The snowpack in Northern Nevada and the Eastern Sierra (home to Lake Tahoe) is already below normal this season which prompts concerns that the region could experience another drought year this year.
If that happens it would make for two drought years in a row for the region.
As of Monday morning, the snowpack was 71 to 78 percent of median in the Lake Tahoe, Truckee, and Carson basins, the Reno Gazette-Journal reports. In the Tahoe basin, there is an average of 7.2 inches of water content at measuring sites, down from the usual median amount of 10 inches.
According to precipitation data shared by the Reno Gazette, Mt. Rose has only 9.2 inches of water content in 36 inches of snow when the median is usually 14.5 inches of water. Data collected so far this year show that the area’s precipitation totals are already 7.2 inches below average for the water year, which started October 1.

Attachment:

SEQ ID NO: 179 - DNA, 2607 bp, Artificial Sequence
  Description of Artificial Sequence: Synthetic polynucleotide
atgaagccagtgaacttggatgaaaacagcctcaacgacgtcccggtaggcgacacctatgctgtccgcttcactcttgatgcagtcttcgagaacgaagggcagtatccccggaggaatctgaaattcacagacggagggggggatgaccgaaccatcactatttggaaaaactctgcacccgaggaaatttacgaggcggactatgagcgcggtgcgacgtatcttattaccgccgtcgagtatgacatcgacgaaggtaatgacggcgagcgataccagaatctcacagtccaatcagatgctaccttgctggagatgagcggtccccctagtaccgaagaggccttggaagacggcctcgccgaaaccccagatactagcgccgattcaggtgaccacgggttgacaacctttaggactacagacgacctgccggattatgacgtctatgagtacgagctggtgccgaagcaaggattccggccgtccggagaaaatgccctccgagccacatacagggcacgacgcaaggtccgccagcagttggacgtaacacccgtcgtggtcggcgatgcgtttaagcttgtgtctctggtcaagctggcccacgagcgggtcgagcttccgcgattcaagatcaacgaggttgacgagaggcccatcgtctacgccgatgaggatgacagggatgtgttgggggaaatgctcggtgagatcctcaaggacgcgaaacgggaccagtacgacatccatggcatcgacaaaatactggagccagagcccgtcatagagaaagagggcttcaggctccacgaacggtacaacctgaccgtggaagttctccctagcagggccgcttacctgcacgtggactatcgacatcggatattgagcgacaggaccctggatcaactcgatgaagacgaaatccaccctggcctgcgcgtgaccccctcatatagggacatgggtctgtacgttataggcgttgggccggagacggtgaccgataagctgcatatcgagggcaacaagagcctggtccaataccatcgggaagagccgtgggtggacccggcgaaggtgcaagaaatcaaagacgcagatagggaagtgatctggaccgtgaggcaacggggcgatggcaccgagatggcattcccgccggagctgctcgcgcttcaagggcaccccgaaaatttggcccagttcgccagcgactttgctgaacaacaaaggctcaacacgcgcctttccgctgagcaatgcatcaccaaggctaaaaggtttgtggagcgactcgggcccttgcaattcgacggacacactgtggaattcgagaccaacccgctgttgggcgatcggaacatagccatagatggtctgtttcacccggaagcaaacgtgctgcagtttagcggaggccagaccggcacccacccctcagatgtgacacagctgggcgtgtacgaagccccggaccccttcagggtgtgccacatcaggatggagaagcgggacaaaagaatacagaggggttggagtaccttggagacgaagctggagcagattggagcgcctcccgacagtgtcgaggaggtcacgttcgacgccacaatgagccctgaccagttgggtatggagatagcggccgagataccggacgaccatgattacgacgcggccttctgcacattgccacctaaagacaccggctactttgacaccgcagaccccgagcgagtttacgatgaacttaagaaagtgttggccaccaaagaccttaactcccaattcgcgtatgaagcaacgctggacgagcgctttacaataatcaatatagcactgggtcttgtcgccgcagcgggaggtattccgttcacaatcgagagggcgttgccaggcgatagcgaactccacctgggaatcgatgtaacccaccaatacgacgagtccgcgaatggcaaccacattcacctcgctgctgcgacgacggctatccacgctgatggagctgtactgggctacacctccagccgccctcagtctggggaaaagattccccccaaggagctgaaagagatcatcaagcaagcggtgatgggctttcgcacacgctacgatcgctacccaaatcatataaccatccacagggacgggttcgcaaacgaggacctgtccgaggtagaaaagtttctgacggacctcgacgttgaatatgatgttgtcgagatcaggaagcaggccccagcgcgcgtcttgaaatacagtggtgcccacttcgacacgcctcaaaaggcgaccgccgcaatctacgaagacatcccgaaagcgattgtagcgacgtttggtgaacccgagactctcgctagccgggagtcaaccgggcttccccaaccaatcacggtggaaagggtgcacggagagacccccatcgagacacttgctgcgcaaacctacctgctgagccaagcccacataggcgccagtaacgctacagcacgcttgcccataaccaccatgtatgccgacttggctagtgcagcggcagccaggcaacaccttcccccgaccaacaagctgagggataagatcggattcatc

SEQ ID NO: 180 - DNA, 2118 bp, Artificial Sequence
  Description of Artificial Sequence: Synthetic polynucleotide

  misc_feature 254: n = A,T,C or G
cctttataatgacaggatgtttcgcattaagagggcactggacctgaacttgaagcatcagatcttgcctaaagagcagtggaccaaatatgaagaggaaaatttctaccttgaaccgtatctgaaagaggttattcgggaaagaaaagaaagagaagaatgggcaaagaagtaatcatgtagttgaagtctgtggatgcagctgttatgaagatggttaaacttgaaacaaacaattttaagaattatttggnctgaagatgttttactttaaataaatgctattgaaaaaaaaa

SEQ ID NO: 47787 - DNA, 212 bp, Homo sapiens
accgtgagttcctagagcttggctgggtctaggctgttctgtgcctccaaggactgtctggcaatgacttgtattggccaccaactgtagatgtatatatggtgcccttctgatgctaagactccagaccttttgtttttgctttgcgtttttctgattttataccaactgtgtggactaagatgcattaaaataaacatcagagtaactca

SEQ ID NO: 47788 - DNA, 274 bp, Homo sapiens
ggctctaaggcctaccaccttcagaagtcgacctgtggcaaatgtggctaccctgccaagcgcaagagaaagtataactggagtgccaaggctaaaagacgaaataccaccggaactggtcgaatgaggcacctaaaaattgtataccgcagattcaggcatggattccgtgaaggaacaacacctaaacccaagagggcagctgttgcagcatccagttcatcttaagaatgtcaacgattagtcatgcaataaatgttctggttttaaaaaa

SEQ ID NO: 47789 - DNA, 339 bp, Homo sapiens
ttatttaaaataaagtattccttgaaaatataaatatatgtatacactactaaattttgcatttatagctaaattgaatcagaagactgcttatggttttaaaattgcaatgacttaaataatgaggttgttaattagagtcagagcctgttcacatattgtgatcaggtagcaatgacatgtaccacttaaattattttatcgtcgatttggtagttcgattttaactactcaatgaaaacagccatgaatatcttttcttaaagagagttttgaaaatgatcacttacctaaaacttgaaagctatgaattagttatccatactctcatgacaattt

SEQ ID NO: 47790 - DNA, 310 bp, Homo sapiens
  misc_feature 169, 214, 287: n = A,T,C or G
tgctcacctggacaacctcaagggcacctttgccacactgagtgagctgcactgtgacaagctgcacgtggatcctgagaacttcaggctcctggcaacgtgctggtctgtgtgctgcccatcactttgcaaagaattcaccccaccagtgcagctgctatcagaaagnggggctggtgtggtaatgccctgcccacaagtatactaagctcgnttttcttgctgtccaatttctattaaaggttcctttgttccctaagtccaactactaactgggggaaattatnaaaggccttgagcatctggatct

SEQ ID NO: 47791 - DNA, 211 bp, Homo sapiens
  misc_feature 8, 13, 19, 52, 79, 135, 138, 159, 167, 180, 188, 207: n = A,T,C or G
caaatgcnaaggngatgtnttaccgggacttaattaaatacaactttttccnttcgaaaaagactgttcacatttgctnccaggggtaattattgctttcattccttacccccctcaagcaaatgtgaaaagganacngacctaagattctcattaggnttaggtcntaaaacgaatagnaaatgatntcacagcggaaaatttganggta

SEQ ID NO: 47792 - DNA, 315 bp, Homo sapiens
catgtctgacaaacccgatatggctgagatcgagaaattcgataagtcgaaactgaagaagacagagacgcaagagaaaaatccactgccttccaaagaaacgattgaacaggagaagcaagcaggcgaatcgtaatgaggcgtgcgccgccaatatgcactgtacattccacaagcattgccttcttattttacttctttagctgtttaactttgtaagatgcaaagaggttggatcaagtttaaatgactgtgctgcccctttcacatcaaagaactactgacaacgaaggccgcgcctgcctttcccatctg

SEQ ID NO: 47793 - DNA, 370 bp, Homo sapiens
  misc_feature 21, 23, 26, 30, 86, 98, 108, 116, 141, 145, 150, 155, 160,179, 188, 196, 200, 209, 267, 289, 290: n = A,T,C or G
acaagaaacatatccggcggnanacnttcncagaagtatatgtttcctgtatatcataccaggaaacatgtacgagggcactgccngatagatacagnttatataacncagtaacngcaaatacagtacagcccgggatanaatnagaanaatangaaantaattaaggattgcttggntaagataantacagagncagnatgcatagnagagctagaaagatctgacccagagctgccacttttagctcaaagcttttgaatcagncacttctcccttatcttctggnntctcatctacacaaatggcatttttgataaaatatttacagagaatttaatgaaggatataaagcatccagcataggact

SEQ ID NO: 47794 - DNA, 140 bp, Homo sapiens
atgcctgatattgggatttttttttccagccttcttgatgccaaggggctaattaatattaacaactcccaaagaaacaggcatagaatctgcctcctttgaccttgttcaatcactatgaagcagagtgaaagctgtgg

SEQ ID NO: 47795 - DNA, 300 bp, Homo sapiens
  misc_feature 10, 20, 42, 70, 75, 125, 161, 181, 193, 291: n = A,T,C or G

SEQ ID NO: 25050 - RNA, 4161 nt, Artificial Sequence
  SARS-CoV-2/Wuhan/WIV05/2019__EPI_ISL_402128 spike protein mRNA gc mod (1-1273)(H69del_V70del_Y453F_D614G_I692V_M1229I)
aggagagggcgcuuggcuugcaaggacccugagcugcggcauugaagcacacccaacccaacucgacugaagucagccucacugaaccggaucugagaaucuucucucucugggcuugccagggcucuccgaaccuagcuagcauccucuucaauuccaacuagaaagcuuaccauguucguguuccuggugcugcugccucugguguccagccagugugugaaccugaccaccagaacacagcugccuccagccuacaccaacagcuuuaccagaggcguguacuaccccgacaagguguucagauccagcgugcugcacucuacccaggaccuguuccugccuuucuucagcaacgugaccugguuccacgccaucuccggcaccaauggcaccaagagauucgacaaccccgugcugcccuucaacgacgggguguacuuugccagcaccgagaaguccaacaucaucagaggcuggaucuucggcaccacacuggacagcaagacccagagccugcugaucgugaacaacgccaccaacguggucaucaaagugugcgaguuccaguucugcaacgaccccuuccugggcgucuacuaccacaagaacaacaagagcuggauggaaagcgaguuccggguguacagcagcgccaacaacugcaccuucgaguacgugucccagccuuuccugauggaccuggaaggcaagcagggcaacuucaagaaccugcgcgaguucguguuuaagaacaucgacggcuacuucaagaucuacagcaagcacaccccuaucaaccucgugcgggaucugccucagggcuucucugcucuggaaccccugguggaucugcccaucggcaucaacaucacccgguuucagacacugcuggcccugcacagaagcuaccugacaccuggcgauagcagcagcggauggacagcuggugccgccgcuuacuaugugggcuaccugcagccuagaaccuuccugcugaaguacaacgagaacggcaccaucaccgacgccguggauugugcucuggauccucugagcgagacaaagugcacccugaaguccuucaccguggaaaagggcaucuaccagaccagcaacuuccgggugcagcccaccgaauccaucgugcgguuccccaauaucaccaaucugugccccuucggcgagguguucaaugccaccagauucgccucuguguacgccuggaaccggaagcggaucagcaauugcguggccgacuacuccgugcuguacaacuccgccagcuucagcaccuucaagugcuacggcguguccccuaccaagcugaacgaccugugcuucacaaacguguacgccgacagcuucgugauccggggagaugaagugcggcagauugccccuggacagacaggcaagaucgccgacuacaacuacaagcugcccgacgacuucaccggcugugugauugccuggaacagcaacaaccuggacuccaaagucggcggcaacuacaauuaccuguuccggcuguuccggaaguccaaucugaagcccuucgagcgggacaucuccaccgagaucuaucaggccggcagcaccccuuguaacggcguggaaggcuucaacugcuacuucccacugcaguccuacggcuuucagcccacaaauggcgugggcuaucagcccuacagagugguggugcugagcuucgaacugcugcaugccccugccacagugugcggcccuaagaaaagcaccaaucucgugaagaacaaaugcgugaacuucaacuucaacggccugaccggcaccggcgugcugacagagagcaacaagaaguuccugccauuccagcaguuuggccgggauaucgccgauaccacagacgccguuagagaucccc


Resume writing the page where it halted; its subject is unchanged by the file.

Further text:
Although winter is still young, the snowpack will be a huge determining factor for whether or not the region will experience drought this year. So we as skiers, snowboarders, and nature enthusiasts not only want to see it dump more than ever this winter— but need it to.
Some pretty decent snow falling today up in the Sierra Nevada, here near Donner Summit along I-80. Through yesterday, the Sierra snowpack was 50% of normal. Storm door is open in NorCal right now. Need lots more to reduce the risk of drought conditions next summer. pic.twitter.com/9SwobtuSuL
— Paul Rogers (@PaulRogersSJMN) January 4, 2021